•Ningunsaw River Ecological Reserve - northwest central British Columbia - 20.46 km2
Types and Severity of Threats
Threats are high for this ecoregion. All remaining forests (including temperate old-growth) are slated to be cut in the next 60 years. As low elevation areas are encroached upon for logging, access is becoming a concern as logging roads open up remote areas where ungulates such as caribou are present. Loss of low elevation forests creates significant habitat loss for both permanent low elevation species and others that use these areas as critical winter habitat.

Suite of Priority Activities to Enhance Biodiversity Conservation

•Additional protected areas need to be established in alpine and subalpine habitats to protect mountain goat and caribou habitat. A protected area candidate needs to be established in the Muckaboo Creek area to conserve temperate rainforest with prime grizzly bear and salmon habitat.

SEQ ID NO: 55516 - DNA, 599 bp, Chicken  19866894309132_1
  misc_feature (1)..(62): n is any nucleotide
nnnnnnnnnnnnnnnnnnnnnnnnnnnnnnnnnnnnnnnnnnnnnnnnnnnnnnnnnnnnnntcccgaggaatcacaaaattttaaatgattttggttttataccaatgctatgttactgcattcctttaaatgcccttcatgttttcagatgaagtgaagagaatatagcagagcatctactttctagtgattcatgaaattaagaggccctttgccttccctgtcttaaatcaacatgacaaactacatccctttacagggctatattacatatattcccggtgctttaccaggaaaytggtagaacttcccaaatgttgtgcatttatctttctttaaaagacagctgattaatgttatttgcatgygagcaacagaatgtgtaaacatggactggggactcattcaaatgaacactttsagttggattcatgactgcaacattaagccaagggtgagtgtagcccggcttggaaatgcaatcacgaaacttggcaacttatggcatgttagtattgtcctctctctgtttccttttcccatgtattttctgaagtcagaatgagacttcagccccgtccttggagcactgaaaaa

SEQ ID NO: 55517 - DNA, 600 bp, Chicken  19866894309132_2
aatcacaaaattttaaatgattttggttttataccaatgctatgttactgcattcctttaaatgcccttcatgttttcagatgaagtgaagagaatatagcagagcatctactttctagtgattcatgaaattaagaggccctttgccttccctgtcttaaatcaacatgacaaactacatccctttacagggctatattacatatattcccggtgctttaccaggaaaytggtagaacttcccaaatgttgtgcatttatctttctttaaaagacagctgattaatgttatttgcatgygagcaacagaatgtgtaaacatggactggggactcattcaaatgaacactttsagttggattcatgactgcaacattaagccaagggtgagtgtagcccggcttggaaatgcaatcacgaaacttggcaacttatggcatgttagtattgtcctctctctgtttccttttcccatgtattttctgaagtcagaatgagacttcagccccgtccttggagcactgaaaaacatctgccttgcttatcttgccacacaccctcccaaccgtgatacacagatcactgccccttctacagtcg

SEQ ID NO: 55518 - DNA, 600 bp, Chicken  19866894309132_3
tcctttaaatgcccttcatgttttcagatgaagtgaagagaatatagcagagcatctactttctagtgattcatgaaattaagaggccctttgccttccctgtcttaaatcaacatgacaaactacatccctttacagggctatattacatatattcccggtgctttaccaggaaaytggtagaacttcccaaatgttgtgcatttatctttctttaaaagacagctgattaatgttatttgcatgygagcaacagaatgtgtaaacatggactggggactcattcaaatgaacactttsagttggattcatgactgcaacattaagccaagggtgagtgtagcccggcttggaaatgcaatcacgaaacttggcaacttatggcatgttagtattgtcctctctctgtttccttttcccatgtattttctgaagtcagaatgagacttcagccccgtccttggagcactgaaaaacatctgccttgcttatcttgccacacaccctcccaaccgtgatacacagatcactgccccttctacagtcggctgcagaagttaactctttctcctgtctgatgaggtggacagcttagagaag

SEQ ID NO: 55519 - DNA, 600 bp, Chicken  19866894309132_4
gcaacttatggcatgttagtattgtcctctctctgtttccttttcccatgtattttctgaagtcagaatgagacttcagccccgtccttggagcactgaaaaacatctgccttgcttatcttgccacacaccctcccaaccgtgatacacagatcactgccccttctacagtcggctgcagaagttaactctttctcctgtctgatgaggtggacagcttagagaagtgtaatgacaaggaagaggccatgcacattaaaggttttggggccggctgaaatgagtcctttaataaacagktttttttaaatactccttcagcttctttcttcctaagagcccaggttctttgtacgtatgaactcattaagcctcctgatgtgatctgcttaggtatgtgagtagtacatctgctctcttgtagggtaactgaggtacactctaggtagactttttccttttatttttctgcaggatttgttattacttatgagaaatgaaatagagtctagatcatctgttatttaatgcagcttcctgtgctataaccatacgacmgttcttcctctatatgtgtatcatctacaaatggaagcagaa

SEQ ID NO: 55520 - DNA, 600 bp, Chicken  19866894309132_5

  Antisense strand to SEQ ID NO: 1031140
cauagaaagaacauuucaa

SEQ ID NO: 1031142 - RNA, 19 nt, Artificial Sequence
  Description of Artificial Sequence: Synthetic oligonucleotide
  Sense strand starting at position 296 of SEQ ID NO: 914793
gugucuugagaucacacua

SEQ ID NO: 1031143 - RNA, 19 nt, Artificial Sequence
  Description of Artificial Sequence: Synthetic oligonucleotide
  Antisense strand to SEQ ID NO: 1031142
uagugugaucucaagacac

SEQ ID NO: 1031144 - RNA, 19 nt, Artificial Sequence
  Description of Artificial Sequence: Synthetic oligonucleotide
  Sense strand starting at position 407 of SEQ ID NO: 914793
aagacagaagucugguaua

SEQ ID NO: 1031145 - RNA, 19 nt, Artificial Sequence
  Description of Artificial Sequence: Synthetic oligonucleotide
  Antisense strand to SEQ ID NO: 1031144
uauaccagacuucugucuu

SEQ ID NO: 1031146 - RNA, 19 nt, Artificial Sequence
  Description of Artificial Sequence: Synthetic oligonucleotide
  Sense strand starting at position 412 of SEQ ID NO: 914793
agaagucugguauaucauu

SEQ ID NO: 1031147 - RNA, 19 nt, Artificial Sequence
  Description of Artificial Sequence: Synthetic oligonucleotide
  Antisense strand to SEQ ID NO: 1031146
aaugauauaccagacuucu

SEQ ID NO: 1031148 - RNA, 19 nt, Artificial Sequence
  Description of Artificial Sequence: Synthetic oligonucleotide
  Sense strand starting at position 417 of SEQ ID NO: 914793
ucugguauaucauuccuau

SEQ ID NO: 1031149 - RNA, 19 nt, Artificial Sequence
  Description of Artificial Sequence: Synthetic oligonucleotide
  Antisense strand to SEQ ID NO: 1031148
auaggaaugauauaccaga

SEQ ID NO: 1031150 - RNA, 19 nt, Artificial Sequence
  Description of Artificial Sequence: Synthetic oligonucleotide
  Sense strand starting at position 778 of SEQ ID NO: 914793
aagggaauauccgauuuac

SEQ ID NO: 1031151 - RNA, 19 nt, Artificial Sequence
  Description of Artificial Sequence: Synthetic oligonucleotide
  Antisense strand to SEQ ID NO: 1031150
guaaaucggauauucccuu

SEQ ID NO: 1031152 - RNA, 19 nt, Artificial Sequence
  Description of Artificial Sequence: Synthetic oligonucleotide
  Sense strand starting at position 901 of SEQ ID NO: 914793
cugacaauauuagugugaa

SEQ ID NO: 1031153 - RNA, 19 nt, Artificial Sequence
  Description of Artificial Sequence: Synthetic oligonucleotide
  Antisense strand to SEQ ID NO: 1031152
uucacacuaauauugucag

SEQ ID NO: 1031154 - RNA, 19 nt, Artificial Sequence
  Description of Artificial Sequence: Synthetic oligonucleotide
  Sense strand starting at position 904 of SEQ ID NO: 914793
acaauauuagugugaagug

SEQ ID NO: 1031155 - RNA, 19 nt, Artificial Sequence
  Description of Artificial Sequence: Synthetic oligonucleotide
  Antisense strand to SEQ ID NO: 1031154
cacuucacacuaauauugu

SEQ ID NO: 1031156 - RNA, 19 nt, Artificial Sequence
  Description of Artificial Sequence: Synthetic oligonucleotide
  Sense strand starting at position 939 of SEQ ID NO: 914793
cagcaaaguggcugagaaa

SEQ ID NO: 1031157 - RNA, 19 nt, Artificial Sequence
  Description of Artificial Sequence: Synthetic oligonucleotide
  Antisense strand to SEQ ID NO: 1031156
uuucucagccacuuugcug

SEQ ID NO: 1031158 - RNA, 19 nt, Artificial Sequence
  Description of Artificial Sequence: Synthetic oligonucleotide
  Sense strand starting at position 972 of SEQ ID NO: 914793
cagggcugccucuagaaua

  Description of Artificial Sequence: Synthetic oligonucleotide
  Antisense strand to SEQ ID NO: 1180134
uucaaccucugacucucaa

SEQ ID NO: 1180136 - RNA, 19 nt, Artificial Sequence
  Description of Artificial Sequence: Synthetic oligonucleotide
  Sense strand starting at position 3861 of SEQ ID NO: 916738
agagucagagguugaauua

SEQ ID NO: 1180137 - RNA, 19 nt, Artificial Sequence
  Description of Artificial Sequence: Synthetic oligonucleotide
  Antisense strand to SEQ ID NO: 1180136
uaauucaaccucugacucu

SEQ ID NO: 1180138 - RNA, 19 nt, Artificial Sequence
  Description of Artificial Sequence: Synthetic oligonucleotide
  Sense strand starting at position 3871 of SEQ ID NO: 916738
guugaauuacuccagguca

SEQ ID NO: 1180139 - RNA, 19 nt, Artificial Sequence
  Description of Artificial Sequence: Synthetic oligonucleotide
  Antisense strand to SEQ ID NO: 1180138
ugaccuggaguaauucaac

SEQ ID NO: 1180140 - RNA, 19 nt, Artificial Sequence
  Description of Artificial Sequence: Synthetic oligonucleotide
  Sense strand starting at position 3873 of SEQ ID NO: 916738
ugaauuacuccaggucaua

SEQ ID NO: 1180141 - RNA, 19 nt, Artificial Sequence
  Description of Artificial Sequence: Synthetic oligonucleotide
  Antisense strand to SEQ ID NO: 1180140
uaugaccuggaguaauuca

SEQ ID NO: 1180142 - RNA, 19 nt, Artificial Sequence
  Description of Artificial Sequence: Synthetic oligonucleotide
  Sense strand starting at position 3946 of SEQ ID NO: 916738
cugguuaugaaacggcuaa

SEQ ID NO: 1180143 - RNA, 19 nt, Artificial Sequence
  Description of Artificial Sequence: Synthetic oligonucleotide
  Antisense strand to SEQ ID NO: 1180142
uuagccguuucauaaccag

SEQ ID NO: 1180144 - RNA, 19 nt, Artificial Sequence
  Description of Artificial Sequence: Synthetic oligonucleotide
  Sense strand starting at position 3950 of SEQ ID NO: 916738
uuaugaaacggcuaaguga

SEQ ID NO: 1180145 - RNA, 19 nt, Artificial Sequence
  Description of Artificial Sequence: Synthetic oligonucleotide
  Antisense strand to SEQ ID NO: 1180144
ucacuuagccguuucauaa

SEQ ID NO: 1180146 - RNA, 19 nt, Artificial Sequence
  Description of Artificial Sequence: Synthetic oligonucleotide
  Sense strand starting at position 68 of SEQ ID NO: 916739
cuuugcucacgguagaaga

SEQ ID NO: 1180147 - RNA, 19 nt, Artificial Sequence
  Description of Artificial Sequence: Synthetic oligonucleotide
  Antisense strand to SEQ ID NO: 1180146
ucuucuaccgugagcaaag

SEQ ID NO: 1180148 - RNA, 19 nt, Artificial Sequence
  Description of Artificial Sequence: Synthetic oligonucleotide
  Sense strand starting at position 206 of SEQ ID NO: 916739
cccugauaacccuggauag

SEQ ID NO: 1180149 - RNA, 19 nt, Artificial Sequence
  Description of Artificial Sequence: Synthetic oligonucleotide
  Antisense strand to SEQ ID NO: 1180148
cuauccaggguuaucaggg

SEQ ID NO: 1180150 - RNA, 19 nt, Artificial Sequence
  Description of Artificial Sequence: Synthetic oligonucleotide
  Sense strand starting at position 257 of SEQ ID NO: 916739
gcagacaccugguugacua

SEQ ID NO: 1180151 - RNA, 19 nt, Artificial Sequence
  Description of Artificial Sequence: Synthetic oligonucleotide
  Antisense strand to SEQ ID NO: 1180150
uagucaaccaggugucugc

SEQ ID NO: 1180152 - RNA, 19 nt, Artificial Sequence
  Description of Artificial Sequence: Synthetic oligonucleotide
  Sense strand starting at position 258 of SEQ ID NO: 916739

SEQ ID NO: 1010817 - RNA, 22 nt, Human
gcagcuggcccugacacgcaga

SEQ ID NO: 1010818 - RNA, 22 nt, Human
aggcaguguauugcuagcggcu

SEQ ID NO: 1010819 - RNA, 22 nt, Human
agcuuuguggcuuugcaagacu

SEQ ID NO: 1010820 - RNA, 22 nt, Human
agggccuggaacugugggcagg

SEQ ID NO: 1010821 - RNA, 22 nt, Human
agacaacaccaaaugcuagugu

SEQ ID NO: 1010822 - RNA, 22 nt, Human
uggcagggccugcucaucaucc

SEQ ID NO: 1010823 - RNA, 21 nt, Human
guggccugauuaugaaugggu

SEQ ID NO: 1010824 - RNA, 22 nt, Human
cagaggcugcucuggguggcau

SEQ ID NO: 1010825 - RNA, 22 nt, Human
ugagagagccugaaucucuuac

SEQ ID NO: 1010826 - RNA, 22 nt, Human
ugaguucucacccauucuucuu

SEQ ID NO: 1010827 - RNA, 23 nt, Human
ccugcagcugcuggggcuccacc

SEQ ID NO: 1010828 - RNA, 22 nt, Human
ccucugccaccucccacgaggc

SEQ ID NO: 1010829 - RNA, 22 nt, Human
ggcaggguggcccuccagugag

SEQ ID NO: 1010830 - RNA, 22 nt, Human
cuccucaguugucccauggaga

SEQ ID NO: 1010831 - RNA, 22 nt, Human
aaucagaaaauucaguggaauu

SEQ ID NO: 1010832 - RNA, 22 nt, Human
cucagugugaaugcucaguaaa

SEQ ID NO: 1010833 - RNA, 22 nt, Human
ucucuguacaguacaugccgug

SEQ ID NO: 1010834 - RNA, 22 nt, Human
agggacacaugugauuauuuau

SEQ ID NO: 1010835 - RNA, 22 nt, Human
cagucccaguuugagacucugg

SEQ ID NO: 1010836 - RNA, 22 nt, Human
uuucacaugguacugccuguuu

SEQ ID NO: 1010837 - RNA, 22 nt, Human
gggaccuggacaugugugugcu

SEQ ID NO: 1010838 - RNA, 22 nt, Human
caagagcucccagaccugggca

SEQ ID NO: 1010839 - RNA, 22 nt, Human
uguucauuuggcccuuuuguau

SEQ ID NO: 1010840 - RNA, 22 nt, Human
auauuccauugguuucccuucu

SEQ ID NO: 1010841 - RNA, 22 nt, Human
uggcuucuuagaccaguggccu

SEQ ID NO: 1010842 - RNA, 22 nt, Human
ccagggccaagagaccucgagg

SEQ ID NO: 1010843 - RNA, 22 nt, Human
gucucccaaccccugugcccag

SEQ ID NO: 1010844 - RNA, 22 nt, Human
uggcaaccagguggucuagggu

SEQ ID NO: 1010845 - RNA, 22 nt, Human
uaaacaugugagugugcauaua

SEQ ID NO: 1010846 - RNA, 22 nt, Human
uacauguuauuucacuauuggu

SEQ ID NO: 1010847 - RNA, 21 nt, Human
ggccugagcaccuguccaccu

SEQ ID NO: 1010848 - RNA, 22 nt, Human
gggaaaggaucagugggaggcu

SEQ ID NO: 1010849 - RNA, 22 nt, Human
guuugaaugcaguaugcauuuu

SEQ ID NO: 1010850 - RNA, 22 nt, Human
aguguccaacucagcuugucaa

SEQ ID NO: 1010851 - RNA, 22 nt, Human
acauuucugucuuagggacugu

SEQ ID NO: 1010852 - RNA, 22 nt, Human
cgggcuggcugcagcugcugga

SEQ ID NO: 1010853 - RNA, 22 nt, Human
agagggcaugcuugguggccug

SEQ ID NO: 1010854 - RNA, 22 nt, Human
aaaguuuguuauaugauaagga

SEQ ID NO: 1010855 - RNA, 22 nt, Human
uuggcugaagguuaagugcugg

•The Babine River corridor needs to be better protected.
Conservation Partners

•Canadian Parks and Wilderness Society, British Columbia Chapter
•The Nature Conservancy,British Columbia
•Nechako Environmental Society
•Northwest Wildlife Preservation Society
•Prince George Naturalists
•Williams Lake Environmental Society
•World Wildlife Fund Canada
Relationship to other classification schemes
This ecoregion covers the western portion of the Skeena Mountains and the Bulkley Ranges in the far south (TEC 198 and 201). The Bulkley Ranges have an elevation of up to 2500-2800 m asl. (Ecological Stratification Working Group 1995). Montane Transition (4), Interior Subalpine and Tundra forest types are found in this ecoregion (Rowe 1972).

Prepared by: D. Demarchi, K. Kavanagh, M. Sims, G. Mann.